Introduction to the symposium on the “Routledge Handbook of Libertarianism”

Accident Lawyers

Asking what is libertarianism is more like asking what distinguishes Georgetown from Foggy Bottom than asking how the White House fits together. Libertarianism is a body of related views; it has the unity of a neighborhood more so than a house.

There are such things as libertarian conclusions. Libertarians conclude, for one reason or another, that each individual ought to be imbued with a wide sphere of personal and economic rights against interference from others, that such rights cannot easily be overridden, and that the justifiable role of government is small. (The government may not be small in other ways, but it will be small in scope.) Libertarians get to these conclusions in different ways. But that’s what libertarians believe in a nutshell.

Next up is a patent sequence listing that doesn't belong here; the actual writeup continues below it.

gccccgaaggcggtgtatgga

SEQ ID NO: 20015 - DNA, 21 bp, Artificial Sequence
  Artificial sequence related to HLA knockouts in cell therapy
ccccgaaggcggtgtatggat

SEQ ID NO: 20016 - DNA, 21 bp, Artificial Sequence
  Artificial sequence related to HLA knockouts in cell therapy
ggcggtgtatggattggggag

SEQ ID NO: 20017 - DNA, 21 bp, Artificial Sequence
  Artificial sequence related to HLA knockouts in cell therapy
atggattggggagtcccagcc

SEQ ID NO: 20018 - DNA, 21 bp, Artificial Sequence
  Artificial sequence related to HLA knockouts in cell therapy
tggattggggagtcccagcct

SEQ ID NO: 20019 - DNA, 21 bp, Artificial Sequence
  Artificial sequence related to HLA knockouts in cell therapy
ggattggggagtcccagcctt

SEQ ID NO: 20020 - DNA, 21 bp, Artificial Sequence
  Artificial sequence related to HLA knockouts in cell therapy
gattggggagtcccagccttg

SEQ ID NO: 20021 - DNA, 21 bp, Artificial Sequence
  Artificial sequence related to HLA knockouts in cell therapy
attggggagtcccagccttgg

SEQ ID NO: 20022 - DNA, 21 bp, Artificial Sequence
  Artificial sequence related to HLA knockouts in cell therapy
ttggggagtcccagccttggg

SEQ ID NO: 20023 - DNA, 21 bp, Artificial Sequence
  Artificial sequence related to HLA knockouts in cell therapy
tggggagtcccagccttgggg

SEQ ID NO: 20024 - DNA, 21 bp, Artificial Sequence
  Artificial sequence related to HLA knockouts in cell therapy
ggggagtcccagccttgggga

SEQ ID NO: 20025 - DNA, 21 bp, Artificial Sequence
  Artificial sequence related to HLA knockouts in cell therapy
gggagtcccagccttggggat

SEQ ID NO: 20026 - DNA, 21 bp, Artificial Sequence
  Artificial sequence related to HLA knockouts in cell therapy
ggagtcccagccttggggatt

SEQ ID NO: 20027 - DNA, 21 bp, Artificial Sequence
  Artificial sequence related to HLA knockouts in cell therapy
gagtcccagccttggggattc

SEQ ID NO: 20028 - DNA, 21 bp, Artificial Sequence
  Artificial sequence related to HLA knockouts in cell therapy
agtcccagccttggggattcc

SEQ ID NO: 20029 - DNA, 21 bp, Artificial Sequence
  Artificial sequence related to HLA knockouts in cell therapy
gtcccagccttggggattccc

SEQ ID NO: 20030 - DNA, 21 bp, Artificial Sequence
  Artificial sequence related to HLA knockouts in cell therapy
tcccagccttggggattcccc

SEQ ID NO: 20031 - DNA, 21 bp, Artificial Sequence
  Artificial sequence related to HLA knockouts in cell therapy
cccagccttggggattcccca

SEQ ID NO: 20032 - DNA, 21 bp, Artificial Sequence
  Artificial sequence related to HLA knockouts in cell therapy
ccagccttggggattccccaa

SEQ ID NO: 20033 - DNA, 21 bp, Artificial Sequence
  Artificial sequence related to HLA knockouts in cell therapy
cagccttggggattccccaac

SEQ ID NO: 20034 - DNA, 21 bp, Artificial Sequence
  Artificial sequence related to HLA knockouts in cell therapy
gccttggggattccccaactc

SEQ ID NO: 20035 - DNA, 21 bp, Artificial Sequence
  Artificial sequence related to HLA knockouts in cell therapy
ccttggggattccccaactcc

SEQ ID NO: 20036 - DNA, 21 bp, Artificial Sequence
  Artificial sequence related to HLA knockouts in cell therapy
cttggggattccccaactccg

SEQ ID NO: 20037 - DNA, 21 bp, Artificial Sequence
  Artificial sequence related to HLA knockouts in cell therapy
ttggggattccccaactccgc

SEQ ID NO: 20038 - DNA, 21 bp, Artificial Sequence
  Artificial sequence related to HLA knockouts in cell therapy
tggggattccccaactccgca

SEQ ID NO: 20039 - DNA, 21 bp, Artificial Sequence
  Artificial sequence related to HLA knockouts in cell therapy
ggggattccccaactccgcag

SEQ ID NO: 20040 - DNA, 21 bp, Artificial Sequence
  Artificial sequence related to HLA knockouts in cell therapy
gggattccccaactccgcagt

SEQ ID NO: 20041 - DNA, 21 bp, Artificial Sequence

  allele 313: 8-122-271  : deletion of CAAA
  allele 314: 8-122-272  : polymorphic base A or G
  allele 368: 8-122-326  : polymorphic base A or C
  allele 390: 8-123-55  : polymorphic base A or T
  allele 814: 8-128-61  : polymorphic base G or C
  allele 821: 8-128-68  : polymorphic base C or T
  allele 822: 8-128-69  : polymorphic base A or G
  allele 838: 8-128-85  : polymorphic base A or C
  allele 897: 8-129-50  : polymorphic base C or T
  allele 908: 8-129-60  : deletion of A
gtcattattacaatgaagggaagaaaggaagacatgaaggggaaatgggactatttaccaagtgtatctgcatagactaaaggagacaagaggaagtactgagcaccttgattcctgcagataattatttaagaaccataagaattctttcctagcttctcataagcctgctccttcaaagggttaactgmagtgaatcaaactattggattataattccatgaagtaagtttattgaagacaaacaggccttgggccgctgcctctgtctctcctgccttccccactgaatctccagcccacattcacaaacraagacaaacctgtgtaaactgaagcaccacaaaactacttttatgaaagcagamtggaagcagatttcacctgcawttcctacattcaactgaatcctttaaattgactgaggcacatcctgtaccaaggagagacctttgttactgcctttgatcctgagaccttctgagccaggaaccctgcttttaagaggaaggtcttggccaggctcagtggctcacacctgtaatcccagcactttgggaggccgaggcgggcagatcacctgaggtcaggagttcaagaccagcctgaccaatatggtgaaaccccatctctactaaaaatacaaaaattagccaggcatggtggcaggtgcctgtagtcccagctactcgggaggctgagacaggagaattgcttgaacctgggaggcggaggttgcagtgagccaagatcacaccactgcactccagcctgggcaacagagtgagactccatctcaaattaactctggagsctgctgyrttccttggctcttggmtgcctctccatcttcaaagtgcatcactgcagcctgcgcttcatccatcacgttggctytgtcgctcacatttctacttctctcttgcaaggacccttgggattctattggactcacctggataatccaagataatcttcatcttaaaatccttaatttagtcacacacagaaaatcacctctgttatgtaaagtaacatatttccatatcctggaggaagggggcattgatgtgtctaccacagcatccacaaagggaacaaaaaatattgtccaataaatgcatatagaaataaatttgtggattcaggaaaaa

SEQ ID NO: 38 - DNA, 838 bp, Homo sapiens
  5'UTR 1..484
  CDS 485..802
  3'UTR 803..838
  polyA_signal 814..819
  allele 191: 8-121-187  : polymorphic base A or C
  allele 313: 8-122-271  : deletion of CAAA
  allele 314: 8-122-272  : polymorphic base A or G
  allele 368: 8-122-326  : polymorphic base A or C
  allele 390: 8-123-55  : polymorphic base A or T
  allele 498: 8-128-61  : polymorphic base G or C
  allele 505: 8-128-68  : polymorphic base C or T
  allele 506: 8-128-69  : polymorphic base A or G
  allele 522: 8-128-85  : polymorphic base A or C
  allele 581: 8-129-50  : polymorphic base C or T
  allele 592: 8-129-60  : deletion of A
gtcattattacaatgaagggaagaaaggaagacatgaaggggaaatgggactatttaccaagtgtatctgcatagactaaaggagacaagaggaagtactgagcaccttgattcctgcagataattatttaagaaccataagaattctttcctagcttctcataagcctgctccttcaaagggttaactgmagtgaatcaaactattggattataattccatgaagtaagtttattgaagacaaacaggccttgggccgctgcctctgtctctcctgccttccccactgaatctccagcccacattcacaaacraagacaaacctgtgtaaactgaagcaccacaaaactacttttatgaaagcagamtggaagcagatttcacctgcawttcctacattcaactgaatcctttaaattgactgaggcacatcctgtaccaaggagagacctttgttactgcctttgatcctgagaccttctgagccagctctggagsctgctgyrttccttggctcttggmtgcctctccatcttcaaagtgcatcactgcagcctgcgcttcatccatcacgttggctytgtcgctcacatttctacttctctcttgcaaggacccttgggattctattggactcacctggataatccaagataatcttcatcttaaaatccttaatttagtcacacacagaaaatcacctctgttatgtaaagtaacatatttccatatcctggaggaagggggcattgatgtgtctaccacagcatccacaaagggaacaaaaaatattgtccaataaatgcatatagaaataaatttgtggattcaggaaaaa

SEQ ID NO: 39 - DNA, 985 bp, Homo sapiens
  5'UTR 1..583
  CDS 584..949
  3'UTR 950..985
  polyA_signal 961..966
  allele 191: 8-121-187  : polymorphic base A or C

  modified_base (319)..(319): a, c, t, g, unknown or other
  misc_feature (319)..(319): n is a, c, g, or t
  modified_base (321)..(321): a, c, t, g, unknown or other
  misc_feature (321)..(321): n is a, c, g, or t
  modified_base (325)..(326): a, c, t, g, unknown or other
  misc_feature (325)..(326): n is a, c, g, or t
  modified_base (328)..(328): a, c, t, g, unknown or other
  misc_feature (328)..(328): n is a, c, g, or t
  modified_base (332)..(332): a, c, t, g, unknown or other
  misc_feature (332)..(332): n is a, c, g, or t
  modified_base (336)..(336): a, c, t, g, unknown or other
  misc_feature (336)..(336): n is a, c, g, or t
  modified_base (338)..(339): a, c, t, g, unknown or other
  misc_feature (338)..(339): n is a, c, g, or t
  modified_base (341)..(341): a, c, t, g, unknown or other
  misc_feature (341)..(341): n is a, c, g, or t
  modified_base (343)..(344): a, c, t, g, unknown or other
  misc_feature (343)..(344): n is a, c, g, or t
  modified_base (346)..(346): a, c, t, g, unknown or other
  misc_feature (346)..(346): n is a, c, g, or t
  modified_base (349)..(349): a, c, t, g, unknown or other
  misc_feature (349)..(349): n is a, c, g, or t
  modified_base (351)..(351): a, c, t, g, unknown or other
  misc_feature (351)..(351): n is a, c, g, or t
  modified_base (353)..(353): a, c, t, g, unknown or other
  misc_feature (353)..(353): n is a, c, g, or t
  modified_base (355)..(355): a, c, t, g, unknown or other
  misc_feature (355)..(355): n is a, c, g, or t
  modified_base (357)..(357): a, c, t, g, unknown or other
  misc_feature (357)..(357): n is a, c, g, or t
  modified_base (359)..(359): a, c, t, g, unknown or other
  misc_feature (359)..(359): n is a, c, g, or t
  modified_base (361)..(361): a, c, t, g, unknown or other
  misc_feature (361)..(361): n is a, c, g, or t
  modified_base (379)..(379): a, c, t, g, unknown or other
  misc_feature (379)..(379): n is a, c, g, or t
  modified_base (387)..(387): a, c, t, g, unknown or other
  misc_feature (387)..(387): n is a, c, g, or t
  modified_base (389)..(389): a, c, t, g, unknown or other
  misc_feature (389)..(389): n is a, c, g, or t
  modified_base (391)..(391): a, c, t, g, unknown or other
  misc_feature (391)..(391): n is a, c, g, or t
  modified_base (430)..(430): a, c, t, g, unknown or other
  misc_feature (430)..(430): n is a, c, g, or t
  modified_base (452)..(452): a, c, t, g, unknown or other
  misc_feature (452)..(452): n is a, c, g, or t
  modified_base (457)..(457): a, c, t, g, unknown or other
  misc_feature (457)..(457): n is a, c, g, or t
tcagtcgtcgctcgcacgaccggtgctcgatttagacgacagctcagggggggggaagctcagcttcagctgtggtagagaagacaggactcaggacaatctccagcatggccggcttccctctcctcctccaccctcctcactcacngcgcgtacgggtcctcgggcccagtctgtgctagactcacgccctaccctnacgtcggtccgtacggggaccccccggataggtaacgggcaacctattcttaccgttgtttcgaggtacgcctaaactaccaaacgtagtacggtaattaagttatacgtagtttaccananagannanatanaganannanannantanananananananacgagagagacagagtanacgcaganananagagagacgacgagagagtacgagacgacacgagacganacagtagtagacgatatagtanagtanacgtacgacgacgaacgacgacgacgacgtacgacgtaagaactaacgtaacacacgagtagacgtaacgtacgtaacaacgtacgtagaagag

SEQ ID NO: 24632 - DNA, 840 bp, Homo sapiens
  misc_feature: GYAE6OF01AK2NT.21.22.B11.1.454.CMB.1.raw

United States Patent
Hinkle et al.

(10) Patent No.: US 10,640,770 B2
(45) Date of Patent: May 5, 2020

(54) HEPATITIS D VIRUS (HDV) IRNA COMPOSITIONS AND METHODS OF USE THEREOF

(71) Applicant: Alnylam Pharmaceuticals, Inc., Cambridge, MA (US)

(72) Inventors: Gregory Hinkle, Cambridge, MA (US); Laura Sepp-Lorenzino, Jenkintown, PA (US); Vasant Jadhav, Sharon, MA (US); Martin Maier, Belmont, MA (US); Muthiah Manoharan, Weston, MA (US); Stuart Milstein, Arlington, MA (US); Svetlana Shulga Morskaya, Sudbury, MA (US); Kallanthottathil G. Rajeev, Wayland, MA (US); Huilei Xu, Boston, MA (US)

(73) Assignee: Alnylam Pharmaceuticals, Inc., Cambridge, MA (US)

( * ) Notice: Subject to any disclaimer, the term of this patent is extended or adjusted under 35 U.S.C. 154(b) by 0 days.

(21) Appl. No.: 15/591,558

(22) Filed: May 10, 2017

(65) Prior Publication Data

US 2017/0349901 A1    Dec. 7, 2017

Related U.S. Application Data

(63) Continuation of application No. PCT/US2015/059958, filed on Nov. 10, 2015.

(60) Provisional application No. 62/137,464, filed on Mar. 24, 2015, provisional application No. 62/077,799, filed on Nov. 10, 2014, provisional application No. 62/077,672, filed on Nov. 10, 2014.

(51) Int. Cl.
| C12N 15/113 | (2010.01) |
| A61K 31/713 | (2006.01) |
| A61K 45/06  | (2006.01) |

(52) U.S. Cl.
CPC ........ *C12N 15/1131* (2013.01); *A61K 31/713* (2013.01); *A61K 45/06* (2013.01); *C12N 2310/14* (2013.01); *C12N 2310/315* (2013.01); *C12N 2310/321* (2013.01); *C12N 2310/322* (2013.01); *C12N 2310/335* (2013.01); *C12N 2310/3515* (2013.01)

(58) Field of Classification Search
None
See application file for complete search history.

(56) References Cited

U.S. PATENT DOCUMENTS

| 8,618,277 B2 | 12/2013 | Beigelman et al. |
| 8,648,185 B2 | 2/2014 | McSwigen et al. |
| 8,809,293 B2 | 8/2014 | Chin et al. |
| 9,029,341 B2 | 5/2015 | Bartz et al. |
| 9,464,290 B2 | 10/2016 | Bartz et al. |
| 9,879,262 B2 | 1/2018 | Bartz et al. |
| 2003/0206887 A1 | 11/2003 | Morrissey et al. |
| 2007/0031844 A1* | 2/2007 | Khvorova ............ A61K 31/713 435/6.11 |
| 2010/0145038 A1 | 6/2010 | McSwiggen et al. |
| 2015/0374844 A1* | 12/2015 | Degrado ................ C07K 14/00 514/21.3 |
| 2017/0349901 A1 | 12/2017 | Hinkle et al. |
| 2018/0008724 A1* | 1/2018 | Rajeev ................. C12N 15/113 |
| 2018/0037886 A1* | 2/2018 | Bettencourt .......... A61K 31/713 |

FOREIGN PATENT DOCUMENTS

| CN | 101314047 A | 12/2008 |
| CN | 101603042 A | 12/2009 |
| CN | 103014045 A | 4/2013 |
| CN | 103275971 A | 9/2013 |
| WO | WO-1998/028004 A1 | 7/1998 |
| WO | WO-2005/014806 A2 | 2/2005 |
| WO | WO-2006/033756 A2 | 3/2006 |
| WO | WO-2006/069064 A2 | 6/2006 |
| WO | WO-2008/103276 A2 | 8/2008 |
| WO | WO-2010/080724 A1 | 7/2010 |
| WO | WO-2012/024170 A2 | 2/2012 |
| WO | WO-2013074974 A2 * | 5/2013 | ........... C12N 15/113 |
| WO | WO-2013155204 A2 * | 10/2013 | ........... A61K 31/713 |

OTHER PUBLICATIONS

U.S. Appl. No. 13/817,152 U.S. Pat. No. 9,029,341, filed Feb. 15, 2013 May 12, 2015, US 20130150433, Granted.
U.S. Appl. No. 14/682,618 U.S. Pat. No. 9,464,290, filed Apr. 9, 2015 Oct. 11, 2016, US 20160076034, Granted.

Why they believe it varies from libertarian to libertarian. I’ve heard from critics that libertarians assume a controversial view of self-ownership and derive everything from that. I’ve…

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